What Does Eminent Domain Mean?

Eminent domain is an inherent right of a government to take private property and use it for public use. This right is deemed to be inherent because governments are typically sovereign over all the land within their borders. Therefore, given the superior dominion that the government enjoys over the land within its border, it can take private property. This is a very basic definition that is derived from historical concepts of national sovereignty.  

            During the medieval period, kings were deemed to own all the land in their kingdom. The kings simply let people “rent” the land through what is known as the feudal system. The modern concept of eminent domain is an off shoot of this feudal concept. However, the United States and the state governments have curtailed the original concept by placing restrictions on the government’s ability to simply take private property. Those restrictions are commonly referred to in the “Takings Clause” in the United States Constitution’s Fifth Amendment. First, the government must take for a “public purpose.” Second, the government must provide “just compensation” for the taking.

            The government enjoys the inherent right of eminent domain also because the government essentially creates property rights. Since the government creates property rights, the government can have the power to destroy those property rights. Since the government controls the right of eminent domain, the government can also allow certain other entities to exercise eminent domain rights. This is typically done by passing laws that allow other entities to exercise eminent domain. In North Carolina, the General Assembly has passed laws that allow not only the government to exercise eminent domain, but also large utility companies.

            Eminent domain is a broader term than “condemnation.” Condemnation is a part of the process where the government exercises eminent domain. In other words, the government exercises eminent domain by condemning the property in the courts. This is done by filing a “condemnation lawsuit” in the district court where the property is located.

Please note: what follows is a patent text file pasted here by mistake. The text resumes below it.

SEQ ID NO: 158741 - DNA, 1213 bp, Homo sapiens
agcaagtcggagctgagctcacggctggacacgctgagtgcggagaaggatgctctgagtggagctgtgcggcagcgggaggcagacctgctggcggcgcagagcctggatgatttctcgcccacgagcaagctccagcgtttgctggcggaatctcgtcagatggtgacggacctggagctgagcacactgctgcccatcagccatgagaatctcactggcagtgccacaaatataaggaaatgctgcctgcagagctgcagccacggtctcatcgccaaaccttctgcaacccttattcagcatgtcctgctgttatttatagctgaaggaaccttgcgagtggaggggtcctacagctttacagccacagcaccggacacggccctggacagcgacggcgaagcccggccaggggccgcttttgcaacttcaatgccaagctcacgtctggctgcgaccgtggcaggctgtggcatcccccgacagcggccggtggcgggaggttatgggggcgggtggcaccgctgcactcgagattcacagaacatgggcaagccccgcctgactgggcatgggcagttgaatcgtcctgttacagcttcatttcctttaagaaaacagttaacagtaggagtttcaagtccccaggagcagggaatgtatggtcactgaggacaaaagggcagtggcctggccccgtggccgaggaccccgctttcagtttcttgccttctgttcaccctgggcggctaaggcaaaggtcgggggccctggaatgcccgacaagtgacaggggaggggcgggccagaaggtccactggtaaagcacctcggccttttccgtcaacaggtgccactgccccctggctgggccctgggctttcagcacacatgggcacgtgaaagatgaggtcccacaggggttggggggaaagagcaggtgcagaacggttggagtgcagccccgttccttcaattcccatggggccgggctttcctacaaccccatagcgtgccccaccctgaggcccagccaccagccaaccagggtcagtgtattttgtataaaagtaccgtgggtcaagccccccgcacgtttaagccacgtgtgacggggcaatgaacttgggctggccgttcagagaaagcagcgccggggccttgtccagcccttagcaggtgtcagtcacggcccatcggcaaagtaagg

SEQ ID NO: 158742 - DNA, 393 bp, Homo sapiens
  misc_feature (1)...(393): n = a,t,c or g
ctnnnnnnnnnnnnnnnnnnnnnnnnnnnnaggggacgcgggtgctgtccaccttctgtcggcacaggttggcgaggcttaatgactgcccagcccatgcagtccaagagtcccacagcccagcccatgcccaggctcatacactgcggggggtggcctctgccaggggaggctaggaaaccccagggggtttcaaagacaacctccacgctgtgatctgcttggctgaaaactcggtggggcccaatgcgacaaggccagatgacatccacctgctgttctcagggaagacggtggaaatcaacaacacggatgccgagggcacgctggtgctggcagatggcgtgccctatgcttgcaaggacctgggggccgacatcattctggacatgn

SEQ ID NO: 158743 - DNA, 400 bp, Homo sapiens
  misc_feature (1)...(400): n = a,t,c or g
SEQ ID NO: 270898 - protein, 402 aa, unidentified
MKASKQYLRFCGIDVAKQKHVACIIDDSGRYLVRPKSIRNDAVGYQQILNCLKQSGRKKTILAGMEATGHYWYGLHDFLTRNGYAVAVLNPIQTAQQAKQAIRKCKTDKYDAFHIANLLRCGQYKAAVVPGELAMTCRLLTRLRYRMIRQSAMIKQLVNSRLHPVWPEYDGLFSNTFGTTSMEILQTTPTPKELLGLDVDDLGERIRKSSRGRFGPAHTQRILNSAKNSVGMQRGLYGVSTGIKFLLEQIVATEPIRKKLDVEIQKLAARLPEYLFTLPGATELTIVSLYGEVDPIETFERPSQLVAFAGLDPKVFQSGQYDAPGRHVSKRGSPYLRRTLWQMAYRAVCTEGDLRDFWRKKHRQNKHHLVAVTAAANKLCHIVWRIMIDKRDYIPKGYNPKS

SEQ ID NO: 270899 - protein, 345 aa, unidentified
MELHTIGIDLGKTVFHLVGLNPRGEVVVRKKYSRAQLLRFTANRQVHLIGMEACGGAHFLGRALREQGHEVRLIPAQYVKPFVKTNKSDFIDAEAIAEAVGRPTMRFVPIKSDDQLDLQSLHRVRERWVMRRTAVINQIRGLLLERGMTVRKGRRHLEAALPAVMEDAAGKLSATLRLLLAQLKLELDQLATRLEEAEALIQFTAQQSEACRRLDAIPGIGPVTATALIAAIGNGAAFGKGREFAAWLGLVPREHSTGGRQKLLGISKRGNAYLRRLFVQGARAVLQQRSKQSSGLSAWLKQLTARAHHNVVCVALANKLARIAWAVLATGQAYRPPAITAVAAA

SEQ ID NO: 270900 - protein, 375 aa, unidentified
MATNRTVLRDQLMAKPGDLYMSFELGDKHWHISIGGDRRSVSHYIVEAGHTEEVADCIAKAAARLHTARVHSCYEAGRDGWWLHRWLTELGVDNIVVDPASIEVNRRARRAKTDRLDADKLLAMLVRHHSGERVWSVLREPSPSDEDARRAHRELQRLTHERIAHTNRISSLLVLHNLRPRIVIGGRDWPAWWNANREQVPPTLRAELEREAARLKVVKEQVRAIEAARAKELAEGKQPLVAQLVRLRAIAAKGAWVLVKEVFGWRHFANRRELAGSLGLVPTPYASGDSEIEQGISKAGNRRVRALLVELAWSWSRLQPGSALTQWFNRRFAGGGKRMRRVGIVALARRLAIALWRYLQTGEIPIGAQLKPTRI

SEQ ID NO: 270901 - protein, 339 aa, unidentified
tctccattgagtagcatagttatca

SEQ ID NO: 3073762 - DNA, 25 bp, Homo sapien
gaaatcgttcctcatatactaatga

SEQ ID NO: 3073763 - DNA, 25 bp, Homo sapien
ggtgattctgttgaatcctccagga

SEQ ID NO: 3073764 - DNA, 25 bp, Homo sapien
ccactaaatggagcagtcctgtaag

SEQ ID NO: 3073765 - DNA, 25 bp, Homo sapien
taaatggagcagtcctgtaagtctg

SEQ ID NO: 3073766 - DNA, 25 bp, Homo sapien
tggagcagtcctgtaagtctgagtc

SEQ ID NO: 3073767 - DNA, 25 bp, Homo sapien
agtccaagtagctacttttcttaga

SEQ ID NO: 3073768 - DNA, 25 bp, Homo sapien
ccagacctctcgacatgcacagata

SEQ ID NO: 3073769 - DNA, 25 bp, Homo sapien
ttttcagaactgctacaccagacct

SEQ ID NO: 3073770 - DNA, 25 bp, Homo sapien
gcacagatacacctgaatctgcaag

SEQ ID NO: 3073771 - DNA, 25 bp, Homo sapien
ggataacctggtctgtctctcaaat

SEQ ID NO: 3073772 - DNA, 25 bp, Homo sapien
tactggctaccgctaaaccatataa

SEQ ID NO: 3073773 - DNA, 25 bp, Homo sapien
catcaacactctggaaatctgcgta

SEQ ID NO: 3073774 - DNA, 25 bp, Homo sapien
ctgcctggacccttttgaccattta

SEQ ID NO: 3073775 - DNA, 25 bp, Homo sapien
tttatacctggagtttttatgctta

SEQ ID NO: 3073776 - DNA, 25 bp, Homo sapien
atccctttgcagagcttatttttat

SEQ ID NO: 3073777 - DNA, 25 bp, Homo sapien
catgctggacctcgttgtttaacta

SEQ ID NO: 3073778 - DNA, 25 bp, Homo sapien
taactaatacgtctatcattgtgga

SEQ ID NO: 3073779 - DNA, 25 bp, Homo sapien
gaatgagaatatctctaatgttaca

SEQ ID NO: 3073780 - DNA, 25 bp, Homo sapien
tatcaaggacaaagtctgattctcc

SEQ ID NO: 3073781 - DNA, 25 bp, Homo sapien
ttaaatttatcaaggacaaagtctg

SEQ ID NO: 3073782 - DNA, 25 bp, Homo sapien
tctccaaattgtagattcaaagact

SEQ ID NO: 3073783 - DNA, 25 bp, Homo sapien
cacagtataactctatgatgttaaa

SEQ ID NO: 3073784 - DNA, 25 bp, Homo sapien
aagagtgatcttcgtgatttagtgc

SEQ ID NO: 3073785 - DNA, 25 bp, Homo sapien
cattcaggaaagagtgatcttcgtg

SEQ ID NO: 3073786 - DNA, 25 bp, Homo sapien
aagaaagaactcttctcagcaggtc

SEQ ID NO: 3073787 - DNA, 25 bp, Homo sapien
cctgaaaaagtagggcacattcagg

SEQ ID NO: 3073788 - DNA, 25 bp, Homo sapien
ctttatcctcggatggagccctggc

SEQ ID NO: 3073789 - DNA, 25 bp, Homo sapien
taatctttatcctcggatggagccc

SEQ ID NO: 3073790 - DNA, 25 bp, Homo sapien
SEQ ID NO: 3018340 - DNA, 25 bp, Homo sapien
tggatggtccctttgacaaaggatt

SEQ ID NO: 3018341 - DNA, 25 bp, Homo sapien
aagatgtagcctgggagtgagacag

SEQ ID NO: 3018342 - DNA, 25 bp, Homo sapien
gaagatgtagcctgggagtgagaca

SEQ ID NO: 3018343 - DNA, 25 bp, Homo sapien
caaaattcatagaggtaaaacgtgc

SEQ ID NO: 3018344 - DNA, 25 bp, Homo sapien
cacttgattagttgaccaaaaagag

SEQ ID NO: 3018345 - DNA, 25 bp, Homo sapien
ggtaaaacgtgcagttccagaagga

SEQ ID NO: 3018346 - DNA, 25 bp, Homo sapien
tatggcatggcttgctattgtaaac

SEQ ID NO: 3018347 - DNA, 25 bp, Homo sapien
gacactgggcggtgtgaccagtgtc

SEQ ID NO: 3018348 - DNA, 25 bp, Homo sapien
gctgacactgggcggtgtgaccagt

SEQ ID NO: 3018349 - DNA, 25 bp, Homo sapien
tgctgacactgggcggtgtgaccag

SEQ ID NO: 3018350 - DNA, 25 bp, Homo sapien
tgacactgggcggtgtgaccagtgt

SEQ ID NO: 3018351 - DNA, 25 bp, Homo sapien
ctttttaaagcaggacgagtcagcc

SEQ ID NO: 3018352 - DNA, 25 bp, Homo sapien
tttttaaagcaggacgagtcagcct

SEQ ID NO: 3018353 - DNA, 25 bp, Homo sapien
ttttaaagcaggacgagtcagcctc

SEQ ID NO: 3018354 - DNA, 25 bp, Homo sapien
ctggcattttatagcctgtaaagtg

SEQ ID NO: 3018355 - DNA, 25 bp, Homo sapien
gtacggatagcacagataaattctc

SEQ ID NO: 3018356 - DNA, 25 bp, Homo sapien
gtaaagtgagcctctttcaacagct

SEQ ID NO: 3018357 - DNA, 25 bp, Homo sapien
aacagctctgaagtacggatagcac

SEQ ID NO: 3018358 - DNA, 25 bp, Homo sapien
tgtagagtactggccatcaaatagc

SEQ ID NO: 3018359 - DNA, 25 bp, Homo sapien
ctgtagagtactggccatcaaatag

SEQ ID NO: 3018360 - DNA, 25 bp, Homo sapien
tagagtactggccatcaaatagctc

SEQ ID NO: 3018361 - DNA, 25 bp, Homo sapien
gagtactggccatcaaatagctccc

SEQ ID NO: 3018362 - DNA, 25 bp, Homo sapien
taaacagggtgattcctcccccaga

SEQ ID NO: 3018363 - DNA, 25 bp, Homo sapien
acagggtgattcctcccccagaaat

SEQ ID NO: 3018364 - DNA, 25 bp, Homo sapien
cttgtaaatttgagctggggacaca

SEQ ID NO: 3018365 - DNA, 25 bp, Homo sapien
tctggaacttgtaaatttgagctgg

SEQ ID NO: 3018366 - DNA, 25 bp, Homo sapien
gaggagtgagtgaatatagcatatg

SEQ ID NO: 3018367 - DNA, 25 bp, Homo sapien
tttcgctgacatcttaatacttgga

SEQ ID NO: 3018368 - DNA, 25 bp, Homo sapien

Our firm focuses on three practice areas: Disability, Personal Injury, and Eminent Domain. Every practice area has attorneys who have expertise in their respective area of practice. 

Chad Brown is a North Carolina Board Certified Social Security disability law specialist. Mr. Brown helps Social Security disability claimants at all stages of the disability process. He also works with people that have Long Term Disability denials and with people that are injured by drugs and defective medical products.

Your Questions Answered

What Is the Public Good for Purposes of Eminent Domain?

The question above asks a question that seems to coincide with one of the two main restrictions that the constitution places on the government before it can take private property. However, what is being referred to here as “public good” is actually referred to as...

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Can Eminent Domain Be Used for Economic Development?

This question was brought to many Americans’ attention in 2005 after the decision for Kelo v. New London was handed down by the United States Supreme Court. In that case, the Court stated that government could condemn property and convey it to private entities for...

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Can Eminent Domain Be Challenged?

The state and federal government do have the inherent right to exercise eminent domain. This inherent right is not expressly given in either the United States Constitution or the North Carolina Constitution. However, those documents do act to restrict the government’s...

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